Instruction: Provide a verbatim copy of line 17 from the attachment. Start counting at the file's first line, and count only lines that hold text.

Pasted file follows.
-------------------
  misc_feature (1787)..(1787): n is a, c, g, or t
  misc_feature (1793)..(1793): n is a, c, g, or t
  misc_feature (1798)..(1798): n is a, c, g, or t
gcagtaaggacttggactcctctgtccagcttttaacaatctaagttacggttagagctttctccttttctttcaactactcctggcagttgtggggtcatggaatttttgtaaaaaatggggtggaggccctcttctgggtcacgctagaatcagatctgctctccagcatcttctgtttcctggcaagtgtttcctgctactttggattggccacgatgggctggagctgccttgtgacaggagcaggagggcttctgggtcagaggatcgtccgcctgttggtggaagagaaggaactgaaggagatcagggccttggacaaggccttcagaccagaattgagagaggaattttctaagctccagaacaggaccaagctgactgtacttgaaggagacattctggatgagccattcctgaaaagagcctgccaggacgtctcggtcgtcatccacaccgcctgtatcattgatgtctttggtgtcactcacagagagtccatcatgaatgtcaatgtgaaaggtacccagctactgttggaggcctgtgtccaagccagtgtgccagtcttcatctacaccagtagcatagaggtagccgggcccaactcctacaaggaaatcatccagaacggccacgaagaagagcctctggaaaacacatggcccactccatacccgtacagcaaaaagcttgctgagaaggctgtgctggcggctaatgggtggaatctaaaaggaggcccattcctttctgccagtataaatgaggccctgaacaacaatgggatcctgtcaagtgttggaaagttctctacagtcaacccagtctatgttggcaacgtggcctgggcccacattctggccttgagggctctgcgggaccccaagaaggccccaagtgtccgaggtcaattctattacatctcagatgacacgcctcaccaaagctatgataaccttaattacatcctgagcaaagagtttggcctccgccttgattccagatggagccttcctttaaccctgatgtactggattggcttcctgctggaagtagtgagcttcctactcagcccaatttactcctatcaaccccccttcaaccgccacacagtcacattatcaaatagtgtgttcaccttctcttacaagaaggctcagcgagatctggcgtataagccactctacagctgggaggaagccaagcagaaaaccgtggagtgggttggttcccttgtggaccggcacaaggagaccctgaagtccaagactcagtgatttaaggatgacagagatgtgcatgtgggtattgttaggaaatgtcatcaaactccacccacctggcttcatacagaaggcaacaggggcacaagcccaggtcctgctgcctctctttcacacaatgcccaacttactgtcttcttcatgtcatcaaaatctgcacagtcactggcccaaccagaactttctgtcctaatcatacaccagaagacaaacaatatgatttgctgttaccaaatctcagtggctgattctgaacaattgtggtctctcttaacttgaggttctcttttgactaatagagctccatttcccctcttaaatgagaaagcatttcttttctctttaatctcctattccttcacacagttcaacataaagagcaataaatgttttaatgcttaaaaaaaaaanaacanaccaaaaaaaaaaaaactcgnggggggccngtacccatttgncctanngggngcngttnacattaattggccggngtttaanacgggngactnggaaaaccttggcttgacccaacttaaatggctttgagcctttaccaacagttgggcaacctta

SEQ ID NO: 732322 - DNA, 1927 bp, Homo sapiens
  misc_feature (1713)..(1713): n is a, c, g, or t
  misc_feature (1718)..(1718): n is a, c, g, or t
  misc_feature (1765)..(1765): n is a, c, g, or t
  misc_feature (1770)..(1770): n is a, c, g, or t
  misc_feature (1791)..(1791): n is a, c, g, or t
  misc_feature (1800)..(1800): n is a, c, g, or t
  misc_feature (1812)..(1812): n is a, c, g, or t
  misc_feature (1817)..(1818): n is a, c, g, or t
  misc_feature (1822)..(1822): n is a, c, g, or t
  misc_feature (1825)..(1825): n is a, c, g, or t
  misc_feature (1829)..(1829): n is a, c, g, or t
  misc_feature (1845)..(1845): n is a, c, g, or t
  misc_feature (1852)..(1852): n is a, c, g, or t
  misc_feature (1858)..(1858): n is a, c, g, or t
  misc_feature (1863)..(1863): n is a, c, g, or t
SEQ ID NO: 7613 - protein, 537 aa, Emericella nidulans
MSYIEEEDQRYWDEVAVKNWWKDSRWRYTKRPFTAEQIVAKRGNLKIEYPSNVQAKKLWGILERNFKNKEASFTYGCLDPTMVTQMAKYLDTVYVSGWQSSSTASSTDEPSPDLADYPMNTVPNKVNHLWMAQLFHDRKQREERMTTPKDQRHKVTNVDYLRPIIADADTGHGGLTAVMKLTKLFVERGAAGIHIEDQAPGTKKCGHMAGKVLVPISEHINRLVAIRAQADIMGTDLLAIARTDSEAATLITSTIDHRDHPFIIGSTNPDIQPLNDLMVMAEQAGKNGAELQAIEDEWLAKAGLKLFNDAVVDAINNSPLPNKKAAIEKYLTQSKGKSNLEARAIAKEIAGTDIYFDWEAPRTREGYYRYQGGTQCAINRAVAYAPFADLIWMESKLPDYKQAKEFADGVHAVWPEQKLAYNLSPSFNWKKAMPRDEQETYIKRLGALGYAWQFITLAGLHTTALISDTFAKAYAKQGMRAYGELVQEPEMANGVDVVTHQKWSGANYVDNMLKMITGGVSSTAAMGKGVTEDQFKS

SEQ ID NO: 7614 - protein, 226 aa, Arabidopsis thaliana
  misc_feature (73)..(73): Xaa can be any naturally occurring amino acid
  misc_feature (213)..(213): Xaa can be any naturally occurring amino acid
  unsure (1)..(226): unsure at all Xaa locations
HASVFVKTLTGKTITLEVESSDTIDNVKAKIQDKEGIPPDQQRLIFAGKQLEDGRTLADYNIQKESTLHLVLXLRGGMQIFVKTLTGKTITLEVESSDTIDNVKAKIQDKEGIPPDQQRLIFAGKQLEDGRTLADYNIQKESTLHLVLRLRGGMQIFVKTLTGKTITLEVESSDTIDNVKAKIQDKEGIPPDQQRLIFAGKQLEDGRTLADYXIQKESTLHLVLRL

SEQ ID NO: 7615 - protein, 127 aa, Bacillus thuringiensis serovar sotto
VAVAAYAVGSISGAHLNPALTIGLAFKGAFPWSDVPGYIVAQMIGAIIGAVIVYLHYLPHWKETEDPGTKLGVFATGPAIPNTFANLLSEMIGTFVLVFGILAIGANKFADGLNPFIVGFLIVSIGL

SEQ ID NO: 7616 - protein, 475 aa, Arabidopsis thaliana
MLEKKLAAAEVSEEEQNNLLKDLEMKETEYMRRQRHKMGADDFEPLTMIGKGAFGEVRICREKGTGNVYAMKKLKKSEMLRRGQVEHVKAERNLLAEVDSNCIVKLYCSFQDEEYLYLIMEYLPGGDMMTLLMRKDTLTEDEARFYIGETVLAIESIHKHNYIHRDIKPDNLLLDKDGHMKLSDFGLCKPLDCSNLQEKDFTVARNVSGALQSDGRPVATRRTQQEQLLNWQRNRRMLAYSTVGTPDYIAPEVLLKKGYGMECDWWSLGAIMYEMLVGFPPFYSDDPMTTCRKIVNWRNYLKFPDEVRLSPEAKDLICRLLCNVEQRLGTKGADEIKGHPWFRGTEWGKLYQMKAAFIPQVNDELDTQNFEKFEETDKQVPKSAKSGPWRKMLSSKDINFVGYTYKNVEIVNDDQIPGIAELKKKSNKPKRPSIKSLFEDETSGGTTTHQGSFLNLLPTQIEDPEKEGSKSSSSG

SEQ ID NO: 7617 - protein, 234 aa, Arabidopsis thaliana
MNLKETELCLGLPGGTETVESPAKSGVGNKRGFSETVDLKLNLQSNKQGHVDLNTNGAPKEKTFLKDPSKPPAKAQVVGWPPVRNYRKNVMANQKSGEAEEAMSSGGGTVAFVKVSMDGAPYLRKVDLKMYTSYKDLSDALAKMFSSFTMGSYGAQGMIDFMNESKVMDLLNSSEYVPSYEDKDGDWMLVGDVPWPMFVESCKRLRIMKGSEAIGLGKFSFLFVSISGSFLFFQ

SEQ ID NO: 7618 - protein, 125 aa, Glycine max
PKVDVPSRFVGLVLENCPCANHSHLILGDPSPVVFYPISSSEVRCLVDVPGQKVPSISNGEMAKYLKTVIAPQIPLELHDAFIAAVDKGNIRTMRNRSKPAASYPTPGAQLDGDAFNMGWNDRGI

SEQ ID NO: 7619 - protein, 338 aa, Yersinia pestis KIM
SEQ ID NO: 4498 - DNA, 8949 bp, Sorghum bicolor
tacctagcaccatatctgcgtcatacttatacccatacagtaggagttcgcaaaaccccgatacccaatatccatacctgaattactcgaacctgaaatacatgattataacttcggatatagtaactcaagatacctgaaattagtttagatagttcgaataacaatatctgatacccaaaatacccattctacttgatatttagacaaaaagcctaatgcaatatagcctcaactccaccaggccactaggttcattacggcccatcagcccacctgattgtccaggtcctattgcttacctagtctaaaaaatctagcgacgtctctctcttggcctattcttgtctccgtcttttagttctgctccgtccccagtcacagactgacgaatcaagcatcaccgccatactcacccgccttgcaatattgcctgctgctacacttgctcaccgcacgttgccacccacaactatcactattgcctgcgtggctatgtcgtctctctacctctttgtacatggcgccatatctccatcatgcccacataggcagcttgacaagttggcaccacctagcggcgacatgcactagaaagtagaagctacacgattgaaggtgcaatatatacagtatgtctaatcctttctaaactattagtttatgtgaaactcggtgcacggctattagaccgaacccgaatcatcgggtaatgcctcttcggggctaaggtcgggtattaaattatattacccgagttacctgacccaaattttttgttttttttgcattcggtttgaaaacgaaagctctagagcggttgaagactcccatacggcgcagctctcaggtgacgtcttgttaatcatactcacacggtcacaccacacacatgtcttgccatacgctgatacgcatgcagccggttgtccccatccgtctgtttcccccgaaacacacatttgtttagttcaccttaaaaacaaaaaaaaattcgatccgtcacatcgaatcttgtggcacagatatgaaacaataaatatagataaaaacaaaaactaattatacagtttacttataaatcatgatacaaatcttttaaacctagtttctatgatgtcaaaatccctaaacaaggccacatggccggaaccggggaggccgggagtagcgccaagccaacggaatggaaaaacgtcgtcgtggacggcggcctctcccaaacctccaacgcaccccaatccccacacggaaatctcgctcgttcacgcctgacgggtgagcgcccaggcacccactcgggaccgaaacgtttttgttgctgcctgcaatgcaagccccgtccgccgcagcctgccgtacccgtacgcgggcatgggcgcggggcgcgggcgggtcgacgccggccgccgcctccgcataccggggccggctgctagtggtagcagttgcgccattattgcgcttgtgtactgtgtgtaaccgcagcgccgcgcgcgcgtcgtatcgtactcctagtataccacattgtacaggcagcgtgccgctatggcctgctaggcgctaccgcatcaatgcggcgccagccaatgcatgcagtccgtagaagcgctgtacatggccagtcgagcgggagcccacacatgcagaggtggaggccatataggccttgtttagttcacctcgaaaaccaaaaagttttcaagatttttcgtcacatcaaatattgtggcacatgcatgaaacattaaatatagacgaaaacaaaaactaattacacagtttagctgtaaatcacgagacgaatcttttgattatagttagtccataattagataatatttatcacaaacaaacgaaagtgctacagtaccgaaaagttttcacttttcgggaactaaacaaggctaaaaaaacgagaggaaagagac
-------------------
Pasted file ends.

  misc_feature (1845)..(1845): n is a, c, g, or t